Connect, Communicate, Grow

A Workshop on Autism with Autism International Director Sean Fitzgerald
Essential tools to help you boost your child's interaction, affection and communication.

Autism - A Developmental Perspective

Understanding how children with autism develop in comparison to typically developing children enables the identification of core areas of strength and challenge. As we learn about the psychology and neurology of autism so we are able to use this knowledge to design a powerful and focused social educational curriculum to help change a child’s developmental path.

Autism spectrum disorder (ASD) and autism are both general terms for a group of complex disorders of brain development. These disorders are characterized, in varying degrees, by difficulties in social interaction, verbal and nonverbal communication and repetitive behaviors. They include autistic disorder, Rett syndrome, childhood disintegrative disorder, pervasive developmental disorder-not otherwise specified (PDD-NOS) and Asperger syndrome. With the May 2013 publication of the new DSM-5 diagnostic manual, these autism subtypes will be merged into one umbrella diagnosis of ASD.

Autism statistics from the U.S. Centers for Disease Control and Prevention (CDC) identify around 1 in 68 American children as on the autism spectrum–a ten-fold increase in prevalence in 40 years. Careful research shows that this increase is only partly explained by improved diagnosis and awareness. Studies also show that autism is four to five times more common among boys than girls. An estimated 1 out of 42 boys and 1 in 189 girls are diagnosed with autism in the United States.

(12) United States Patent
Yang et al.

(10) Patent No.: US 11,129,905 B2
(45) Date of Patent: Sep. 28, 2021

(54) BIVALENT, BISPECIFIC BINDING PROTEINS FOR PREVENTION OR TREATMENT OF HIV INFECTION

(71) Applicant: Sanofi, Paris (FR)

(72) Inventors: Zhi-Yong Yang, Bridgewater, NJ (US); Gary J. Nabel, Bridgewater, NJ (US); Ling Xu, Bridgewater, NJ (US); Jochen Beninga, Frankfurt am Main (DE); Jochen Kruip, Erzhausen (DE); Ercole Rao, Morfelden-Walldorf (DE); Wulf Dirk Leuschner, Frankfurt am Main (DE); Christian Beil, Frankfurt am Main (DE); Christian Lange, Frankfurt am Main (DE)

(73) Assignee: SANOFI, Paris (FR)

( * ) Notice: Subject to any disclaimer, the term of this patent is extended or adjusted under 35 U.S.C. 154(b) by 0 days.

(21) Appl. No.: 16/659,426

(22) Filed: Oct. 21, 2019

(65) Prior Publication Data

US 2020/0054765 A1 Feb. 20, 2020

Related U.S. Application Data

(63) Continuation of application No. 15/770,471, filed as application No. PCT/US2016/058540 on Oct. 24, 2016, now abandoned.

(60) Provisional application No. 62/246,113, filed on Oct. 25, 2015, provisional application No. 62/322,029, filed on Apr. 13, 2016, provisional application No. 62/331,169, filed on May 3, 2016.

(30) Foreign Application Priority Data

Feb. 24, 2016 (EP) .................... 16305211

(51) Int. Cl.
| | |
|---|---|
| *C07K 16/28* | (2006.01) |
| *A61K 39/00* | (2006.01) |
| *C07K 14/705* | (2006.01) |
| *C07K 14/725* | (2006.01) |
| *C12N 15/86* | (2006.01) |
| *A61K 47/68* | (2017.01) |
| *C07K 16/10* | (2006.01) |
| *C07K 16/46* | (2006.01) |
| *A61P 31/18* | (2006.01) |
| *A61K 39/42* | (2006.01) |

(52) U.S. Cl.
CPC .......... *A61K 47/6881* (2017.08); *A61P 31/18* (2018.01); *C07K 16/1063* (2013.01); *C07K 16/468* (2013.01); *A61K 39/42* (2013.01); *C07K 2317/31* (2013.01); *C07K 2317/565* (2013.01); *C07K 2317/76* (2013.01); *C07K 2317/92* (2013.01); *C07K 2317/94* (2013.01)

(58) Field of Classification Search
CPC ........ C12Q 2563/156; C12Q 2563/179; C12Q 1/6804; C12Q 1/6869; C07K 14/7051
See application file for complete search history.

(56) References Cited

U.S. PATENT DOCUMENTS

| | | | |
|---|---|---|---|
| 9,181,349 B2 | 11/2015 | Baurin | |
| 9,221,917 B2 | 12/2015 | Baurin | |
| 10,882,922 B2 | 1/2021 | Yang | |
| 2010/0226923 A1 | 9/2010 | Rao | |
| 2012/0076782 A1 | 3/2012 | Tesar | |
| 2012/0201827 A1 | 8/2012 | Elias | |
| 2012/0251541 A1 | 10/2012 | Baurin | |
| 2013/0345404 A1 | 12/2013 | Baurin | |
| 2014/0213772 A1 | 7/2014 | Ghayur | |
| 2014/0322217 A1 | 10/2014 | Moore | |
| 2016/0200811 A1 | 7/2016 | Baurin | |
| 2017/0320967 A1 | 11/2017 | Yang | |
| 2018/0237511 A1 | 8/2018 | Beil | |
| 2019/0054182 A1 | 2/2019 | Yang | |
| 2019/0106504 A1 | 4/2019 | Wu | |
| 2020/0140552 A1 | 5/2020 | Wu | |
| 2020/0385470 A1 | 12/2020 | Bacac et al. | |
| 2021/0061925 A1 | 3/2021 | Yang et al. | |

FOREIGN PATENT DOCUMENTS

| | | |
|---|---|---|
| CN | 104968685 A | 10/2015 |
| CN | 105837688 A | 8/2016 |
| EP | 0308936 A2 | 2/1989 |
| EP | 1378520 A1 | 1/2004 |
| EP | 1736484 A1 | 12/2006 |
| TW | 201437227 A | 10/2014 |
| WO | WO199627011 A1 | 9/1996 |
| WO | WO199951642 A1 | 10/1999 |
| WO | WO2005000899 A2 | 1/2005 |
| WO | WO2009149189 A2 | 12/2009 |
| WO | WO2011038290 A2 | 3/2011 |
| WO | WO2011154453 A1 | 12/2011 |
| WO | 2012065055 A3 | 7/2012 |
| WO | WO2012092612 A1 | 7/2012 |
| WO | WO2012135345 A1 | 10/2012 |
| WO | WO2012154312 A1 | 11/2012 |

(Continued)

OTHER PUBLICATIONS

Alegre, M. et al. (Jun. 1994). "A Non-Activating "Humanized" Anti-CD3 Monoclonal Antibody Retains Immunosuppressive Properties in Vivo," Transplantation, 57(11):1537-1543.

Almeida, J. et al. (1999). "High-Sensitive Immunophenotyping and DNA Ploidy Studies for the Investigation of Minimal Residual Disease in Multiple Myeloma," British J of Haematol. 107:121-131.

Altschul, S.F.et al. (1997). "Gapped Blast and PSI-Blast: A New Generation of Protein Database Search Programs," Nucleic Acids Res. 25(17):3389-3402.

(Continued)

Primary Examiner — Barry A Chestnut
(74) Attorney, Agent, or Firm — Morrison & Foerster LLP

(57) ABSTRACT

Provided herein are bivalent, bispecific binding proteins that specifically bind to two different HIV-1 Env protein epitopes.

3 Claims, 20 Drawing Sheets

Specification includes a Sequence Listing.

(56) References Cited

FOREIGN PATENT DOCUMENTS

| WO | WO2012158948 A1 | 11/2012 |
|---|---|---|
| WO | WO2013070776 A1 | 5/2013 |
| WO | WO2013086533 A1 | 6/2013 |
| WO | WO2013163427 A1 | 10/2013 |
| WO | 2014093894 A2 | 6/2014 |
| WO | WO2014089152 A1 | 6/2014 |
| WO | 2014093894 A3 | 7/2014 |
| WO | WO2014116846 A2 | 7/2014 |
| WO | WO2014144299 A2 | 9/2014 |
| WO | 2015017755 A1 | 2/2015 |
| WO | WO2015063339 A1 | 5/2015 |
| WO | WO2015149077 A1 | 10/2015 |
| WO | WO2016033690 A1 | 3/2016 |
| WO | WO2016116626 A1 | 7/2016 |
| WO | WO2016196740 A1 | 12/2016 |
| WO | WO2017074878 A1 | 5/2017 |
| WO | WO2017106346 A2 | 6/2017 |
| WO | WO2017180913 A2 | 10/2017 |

ASD affects over 2 million individuals in the U.S. and tens of millions worldwide. Moreover, government autism statistics suggest that prevalence rates have increased 10 to 17 percent annually in recent years. There is no established explanation for this continuing increase, although improved diagnosis and environmental influences are two reasons often considered.

Current Research suggests that there is no one cause of autism just as there is no one type of autism. Over the last five years, scientists have identified a number of rare gene changes, or mutations, associated with autism. A small number of these are sufficient to cause autism by themselves. Most cases of autism, however, appear to be caused by a combination of autism risk genes and environmental factors influencing early brain development. Increasingly, researchers are looking at the role of the immune system in autism.

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Connect, Communicate, Grow

Essential tools to help you boost your child's interaction, affection and communication.

A Workshop on Autism

with Sean Fitzgerald
Autism International Director

16, 17, 18 September, 2016

Buenos Aires, Argentina

Click here for more details.

24, 25 September, 2016

Kuala Lumpur, Malaysia

Click here for more details.

How to improve Social Interaction.

Sean Fitzgerald explains how to increase your child with autism's level of social interaction.

What People are saying about Autism International

An child centered approach to treating autism

Understanding how children with autism develop in comparison to typically developing children enables us to identify core areas of strength and challenge so we can design a powerful and focused social educational curriculum.

Read more.

Happy to cry: how Oscar beat the odds

ZSUZSANNA and Gordon Hays have a message of hope for parents of autistic children. The Nedlands couple say Sean Fitzgerald's training has had a remarkable effect on their four-year-old son Oscar.

"Within two weeks of working with Sean he was toilet trained, which was amazing," Mrs Hay said.

Read the article in the Sunday Times.